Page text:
Suffolk: �26m cuts will see county have 3,000 fewer workers

SUFFOLK: The county is set to end up with more than 3,000 fewer employees next year, The Evening Star can reveal today.

Not all the jobs will be lost – most will be transferred to other bodies – but many are bound to go as the council has to find cuts of �26million over the next year.

Details of the county’s proposed budget for 2012/13 have been published in advance of the next meeting of the county’s cabinet which is due to take place on January 24.

The county’s element of council tax bills – the largest part of those bills – is set to be frozen for another year.

Next year’s savings are the first of a two-year programme which will result in more than �50million in cuts.

In the 12 months from March this year, the number of people directly employed by the county is set to fall from 7,996 to 4,817.

The number includes library staff who will be transferred to the new Industrial and Provident Society (IPS) which is being set up to run the county’s network of libraries.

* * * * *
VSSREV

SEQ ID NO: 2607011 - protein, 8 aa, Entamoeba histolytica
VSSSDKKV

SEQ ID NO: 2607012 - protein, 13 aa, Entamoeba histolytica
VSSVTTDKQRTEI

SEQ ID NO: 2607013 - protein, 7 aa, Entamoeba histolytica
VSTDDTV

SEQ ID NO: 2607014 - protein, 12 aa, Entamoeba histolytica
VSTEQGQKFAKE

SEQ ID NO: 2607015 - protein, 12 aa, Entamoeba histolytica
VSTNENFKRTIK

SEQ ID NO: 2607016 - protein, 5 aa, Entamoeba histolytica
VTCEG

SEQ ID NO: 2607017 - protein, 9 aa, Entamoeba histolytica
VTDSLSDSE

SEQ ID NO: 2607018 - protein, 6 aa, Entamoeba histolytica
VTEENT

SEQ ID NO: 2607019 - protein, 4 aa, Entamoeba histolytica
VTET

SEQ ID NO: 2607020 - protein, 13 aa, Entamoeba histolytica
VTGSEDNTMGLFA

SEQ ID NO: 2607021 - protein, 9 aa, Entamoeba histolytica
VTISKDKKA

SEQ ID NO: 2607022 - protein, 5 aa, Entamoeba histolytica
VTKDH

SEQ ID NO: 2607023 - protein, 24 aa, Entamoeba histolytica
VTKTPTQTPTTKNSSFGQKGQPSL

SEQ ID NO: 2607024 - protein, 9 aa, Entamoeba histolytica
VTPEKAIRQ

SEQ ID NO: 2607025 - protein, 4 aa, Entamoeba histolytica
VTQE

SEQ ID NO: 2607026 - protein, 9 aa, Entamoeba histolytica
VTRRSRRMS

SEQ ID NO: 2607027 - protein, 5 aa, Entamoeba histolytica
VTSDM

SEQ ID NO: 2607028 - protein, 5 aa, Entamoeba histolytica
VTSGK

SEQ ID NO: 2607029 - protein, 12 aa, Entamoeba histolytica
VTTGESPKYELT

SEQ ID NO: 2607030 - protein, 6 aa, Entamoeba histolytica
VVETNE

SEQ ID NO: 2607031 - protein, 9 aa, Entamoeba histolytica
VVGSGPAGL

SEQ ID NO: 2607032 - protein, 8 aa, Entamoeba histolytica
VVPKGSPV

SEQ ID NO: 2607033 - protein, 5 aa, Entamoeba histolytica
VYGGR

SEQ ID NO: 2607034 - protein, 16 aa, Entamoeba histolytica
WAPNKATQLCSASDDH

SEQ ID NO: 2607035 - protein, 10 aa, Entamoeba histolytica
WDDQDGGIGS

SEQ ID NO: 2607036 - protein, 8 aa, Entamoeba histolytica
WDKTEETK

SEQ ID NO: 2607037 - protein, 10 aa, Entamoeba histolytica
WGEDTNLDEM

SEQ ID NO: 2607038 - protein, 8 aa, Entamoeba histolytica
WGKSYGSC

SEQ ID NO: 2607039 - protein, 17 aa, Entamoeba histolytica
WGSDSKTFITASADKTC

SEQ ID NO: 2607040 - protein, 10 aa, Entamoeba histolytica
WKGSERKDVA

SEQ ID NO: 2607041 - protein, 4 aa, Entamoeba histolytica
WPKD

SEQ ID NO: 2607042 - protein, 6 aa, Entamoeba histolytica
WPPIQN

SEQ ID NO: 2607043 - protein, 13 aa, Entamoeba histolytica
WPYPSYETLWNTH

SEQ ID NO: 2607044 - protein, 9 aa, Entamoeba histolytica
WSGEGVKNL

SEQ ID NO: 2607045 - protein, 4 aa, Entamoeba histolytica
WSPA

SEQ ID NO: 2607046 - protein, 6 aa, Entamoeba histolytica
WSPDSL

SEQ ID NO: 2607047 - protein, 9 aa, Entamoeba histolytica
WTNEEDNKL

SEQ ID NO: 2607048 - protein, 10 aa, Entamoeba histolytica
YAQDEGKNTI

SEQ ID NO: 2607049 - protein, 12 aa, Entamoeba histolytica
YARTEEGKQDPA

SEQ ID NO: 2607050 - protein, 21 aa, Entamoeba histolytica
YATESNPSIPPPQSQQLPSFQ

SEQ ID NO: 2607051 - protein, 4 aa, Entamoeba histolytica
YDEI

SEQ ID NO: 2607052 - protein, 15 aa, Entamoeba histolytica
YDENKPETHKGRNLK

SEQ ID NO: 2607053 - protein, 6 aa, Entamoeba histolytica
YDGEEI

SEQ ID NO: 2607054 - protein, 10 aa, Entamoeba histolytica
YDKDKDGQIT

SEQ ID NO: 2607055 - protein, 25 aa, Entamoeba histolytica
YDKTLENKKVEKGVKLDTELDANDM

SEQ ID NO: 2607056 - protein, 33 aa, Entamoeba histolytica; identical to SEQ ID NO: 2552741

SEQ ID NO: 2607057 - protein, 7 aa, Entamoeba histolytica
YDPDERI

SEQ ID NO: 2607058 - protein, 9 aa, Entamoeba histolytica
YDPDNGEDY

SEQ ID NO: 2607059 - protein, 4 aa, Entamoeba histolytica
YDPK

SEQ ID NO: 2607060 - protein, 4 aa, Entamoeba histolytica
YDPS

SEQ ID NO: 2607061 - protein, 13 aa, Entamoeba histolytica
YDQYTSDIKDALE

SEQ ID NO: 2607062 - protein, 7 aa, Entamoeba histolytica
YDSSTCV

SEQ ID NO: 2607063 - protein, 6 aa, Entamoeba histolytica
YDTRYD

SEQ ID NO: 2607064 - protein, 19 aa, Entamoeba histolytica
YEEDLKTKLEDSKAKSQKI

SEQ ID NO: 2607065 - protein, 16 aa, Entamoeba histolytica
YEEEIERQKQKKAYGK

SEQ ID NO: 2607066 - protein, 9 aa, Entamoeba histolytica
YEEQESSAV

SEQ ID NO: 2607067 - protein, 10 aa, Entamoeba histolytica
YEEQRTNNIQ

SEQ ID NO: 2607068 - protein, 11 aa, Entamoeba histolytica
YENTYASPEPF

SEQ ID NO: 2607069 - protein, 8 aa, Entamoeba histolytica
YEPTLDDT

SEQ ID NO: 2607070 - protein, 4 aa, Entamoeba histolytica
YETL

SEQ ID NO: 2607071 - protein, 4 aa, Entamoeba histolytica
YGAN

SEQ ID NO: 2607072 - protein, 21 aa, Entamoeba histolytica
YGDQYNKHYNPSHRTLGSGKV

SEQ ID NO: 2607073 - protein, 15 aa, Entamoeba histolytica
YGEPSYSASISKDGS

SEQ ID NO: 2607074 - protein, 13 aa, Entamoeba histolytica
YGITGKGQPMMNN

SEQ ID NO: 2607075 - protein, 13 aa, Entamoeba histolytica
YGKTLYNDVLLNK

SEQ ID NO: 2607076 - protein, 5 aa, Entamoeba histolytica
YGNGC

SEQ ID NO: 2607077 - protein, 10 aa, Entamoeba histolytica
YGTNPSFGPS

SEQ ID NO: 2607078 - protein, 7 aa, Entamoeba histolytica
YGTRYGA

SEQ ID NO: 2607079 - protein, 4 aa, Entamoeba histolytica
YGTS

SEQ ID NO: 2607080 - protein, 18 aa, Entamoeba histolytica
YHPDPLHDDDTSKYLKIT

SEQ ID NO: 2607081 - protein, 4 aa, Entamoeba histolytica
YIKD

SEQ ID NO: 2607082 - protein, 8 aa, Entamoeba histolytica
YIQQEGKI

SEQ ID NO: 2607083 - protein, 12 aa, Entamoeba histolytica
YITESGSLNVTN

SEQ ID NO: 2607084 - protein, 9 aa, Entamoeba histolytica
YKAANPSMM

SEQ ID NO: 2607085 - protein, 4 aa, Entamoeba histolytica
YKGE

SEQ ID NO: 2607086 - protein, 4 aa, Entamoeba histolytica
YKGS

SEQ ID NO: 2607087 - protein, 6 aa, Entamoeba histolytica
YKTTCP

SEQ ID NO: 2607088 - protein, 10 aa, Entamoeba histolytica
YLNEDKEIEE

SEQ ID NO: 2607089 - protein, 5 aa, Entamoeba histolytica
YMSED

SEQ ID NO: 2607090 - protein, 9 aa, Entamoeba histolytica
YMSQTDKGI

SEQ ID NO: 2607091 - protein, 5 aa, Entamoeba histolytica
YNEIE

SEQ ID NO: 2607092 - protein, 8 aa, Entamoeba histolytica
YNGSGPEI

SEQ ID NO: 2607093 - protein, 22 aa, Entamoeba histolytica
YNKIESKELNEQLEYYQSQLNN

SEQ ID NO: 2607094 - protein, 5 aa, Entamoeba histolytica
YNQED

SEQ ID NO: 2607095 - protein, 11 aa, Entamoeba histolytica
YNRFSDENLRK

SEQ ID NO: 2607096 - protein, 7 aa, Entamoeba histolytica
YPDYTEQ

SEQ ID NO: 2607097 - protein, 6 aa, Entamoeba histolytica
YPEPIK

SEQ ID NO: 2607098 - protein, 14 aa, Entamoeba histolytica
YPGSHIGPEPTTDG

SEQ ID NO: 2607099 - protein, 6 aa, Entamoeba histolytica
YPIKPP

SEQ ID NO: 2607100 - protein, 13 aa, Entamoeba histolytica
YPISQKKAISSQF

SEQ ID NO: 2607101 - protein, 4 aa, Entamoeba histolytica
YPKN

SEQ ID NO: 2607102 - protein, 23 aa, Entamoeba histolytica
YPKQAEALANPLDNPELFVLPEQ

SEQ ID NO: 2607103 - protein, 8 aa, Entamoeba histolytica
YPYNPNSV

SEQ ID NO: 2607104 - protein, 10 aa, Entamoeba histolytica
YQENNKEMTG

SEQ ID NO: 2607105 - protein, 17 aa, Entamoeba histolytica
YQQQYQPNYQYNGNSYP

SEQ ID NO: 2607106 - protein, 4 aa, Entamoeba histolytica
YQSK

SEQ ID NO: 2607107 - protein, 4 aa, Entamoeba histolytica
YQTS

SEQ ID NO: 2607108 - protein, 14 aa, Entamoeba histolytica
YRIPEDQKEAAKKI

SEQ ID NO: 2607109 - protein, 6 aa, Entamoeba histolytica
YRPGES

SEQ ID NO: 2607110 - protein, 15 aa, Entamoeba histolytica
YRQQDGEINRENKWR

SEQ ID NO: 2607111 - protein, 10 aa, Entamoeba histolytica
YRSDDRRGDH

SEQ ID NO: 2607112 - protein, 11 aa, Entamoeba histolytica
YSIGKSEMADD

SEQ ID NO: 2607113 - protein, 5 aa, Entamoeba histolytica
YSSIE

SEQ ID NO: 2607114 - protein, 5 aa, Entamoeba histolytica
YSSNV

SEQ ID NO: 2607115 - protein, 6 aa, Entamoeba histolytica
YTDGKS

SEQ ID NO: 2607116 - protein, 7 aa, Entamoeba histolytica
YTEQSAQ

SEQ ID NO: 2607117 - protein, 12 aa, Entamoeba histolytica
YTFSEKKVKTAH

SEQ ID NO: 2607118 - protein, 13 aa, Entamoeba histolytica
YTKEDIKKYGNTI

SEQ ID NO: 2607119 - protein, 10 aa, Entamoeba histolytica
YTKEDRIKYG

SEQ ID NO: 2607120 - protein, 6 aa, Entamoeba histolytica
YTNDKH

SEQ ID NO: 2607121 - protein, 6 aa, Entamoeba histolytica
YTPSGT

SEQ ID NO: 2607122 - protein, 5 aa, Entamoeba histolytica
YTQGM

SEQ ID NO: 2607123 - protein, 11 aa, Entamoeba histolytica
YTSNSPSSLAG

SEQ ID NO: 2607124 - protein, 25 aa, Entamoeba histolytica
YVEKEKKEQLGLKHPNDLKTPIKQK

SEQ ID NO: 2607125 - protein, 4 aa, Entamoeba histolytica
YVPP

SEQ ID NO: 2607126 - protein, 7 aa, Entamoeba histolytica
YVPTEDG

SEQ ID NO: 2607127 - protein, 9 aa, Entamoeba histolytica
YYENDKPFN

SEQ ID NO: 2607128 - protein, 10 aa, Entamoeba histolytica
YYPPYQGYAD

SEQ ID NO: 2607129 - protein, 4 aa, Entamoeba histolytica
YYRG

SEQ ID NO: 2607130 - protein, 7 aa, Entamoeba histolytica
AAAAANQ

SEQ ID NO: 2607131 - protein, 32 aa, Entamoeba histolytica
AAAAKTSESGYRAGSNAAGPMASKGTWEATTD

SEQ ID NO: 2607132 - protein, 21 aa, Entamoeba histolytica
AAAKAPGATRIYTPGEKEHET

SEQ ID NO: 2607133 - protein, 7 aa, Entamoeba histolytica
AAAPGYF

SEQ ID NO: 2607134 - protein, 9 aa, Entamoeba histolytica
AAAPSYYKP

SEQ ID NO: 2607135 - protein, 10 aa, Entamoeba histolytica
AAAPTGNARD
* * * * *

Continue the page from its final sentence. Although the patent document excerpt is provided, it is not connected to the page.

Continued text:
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The county insists most of the savings will be achieved by cutting bureaucracy.

Mr Bee said: “I’ve made it very clear that what I want to see from this process is the creation of a budget that saves money on back office, protects, as much as possible, frontline services and keeps council tax down.

“I’m pleased that despite the financial circumstances we are facing, the proposals that have been drawn up meet these expectations whilst at the same time make it possible to invest some of our capital budget in major projects.”

Opposition Liberal Democrat finance spokesman Andrew Cann said he was concerned about the degree of outsourcing the council was planning to do.

He said: “I am not worried about who provides the service, whether they are public sector, private sector or third sector.

“What does worry me is the county’s ability to manage contracts.

“I have been concerned about how the cost of the CSD (Customer Service Direct) contract has increased over the years and now we are looking at more contracts.”

He added: “I am not convinced that the savings will be able to be achieved – and contracts, especially those for road maintenance, will have to be managed very carefully,” he said.

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